Acupuncture, yoga among alternative therapies to try during cold and flu season

On defense for flu season? Doctors will tell you your best shot is to get a shot. But that won't cut it for Sue Berman of Blue Heron Wellness in Silver Spring, Md. To keep sniffles at bay, she plans to spend a whole lot more time with needles.

Berman, an acupuncturist, says that targeting spots on the skin can help the body fight off cold and flu. "It allows the strength of your own system to reach its potential," she says. The same goes for several other alternative treatments from Eastern medicine, says Berman, who has stocked up on the homeopathic remedies Oscillococcinum and Influenzinum, which are marketed as natural alternatives to drugstore cold and flu medications.

Of course, she still advocates flu shots and hand-washing, but "it's important to take the best from both worlds," she says.

There's plenty to choose from, says Jenne "Maat" Dixon-Cravens, a naturopathic doctor with Shakti MindBody Studio in Washington who has a host of health-boosting ideas. She suggests reiki (a practice based on the idea of healing energy), smelling calming essential oils and inverting your body for plow, a yoga pose that's supposed to drain your lymph nodes, among other things.

They're different approaches, but what they all deal with on some level is stress. "When you're stressed, immune system functioning drops," Dixon-Cravens says.

Adequate rest can help by improving your mood, as can a more healthful diet, Dixon-Cravens says. She recommends cutting back on sugar and caffeine, and boosting your intake of such foods as garlic, a popular natural cold buster.

You can scarf a clove raw as she did a few weeks ago when she thought she might be coming down with something. You can also just cook with it or pop a supplement.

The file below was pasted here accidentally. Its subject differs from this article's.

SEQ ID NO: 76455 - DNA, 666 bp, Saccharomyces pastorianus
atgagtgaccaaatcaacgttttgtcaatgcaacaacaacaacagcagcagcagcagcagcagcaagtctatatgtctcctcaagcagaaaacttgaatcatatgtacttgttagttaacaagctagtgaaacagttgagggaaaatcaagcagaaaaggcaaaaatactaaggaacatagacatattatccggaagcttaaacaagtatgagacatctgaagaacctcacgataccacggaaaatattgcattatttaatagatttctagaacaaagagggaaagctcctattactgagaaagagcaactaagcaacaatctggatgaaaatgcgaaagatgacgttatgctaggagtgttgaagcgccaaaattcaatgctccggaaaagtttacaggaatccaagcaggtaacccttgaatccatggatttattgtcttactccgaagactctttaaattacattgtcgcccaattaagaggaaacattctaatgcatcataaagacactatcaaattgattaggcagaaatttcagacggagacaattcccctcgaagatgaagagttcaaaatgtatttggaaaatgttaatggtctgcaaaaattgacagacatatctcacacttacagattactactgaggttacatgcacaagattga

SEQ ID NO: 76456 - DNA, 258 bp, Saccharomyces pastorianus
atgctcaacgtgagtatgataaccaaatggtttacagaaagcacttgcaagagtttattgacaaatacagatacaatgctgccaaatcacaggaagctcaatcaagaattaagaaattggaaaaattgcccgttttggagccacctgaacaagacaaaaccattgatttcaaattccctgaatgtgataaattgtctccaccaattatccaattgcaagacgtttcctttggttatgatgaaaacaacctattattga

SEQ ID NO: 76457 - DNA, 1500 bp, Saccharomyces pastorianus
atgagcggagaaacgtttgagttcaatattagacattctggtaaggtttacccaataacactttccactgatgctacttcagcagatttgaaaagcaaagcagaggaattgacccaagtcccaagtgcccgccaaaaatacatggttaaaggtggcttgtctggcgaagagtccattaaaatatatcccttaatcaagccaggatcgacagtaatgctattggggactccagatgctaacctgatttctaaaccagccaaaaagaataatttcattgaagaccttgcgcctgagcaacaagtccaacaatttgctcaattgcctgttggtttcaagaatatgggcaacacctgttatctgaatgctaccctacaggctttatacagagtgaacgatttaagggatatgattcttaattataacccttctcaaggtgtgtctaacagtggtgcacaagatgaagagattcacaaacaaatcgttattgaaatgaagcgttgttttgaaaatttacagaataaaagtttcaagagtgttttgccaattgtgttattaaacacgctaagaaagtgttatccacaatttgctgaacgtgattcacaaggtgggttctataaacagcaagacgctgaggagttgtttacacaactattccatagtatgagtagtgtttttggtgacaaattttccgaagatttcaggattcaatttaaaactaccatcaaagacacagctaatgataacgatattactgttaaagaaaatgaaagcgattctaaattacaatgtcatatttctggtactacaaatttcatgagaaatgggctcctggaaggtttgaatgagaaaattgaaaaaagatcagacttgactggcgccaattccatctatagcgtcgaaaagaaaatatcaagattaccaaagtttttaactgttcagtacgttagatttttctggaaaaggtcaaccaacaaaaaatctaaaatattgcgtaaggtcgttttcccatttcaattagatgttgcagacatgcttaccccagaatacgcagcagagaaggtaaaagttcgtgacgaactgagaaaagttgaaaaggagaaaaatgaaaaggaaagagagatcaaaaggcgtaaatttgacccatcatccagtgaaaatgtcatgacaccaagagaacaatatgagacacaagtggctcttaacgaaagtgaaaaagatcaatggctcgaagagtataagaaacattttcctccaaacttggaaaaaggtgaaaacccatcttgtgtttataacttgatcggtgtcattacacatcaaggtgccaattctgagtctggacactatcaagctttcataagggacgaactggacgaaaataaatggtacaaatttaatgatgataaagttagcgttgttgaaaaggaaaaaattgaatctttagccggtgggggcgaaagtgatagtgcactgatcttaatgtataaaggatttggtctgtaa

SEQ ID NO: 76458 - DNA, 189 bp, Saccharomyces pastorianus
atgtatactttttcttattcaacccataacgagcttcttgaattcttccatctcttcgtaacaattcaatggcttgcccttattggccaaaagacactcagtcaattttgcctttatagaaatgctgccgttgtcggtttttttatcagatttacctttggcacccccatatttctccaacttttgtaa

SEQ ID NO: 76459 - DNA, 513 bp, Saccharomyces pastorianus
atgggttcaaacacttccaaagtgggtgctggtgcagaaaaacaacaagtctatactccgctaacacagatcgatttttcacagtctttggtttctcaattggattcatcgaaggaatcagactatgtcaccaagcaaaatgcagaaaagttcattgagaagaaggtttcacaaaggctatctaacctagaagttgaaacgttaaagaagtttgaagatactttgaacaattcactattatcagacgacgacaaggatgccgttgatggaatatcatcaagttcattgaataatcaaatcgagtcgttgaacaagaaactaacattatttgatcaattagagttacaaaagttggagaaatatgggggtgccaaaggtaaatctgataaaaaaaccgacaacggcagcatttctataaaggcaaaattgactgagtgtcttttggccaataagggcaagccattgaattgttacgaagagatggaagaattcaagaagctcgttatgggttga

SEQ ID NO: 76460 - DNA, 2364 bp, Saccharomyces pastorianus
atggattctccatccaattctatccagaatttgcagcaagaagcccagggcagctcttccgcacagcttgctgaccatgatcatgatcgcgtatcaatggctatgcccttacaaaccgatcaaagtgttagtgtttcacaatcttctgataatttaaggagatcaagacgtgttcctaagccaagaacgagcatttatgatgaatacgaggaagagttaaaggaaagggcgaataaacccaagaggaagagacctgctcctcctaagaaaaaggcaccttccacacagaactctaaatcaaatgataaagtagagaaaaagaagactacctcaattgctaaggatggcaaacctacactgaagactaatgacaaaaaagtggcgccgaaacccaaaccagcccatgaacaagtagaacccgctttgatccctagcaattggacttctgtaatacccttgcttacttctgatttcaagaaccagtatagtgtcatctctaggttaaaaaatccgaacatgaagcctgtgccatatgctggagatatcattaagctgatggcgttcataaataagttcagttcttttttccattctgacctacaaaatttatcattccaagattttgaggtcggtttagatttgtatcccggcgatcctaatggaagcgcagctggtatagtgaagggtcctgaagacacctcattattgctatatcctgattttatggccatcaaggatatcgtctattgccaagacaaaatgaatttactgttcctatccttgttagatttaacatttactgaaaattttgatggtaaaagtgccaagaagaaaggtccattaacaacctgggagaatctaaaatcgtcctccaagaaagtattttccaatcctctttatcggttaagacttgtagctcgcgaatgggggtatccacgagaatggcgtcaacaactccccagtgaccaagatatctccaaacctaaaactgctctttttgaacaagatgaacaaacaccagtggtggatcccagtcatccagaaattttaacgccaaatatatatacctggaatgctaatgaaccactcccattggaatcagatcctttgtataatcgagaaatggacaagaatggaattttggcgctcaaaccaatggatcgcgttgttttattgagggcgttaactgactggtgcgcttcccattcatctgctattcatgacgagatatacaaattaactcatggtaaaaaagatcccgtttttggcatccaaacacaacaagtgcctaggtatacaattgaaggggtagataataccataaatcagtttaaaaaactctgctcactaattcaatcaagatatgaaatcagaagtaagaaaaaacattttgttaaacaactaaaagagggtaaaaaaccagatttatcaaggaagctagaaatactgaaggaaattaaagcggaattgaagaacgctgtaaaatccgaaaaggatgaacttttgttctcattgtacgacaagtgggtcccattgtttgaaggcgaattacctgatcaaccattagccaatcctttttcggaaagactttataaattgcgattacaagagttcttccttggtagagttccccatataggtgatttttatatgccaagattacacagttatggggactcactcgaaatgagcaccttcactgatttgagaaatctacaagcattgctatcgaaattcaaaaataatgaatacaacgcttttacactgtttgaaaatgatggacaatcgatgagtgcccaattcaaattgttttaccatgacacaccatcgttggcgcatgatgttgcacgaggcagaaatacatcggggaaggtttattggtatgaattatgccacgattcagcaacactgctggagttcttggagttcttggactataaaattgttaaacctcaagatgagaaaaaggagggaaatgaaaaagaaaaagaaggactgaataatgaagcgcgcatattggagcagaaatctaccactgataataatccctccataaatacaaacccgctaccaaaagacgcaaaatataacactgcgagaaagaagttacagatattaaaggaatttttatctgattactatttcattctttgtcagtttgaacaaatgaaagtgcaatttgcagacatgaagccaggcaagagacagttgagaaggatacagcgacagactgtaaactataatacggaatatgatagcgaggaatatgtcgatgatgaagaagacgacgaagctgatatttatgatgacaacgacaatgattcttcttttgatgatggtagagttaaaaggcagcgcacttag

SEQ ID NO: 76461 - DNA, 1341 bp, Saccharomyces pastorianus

Oregano is another easy ingredient to sprinkle in whatever's on the stove; other herbs recommended by Dixon-Cravens, such as red clover and astragalus, will take a bit more effort to consume. Dixon-Cravens is also a fan of elderberry, which is the active ingredient in GNC's new ViraBloc lozenges.

Mike FitzGerald, owner of Massage Envy Herndon/Reston in Virginia, feels similarly about rubdowns, which are his prescription for an immunity pick-me-up. "Up until recently, massage was thought of as a luxury, but it's a part of health and wellness, and when you get massages regularly, that's when the benefits come into play," he says, ticking off rewards such as lower blood pressure and improved sleep.

Don't have the funds for multiple massages? FitzGerald has ideas for taking matters into your own hands. For headaches, he recommends applying pressure to the flesh where the thumb and index finger meet. For lower-neck and shoulder stiffness, which is what strikes FitzGerald, he has another tactic. "It gets so I can't turn my neck, so I do shoulder shrugs, bringing them as high as I can," he says. And if what would really soothe you is a foot rub, he advises taking a golf ball under your sole and letting it roll around.

Lurking germs might still attack, but you'll be ready for them.

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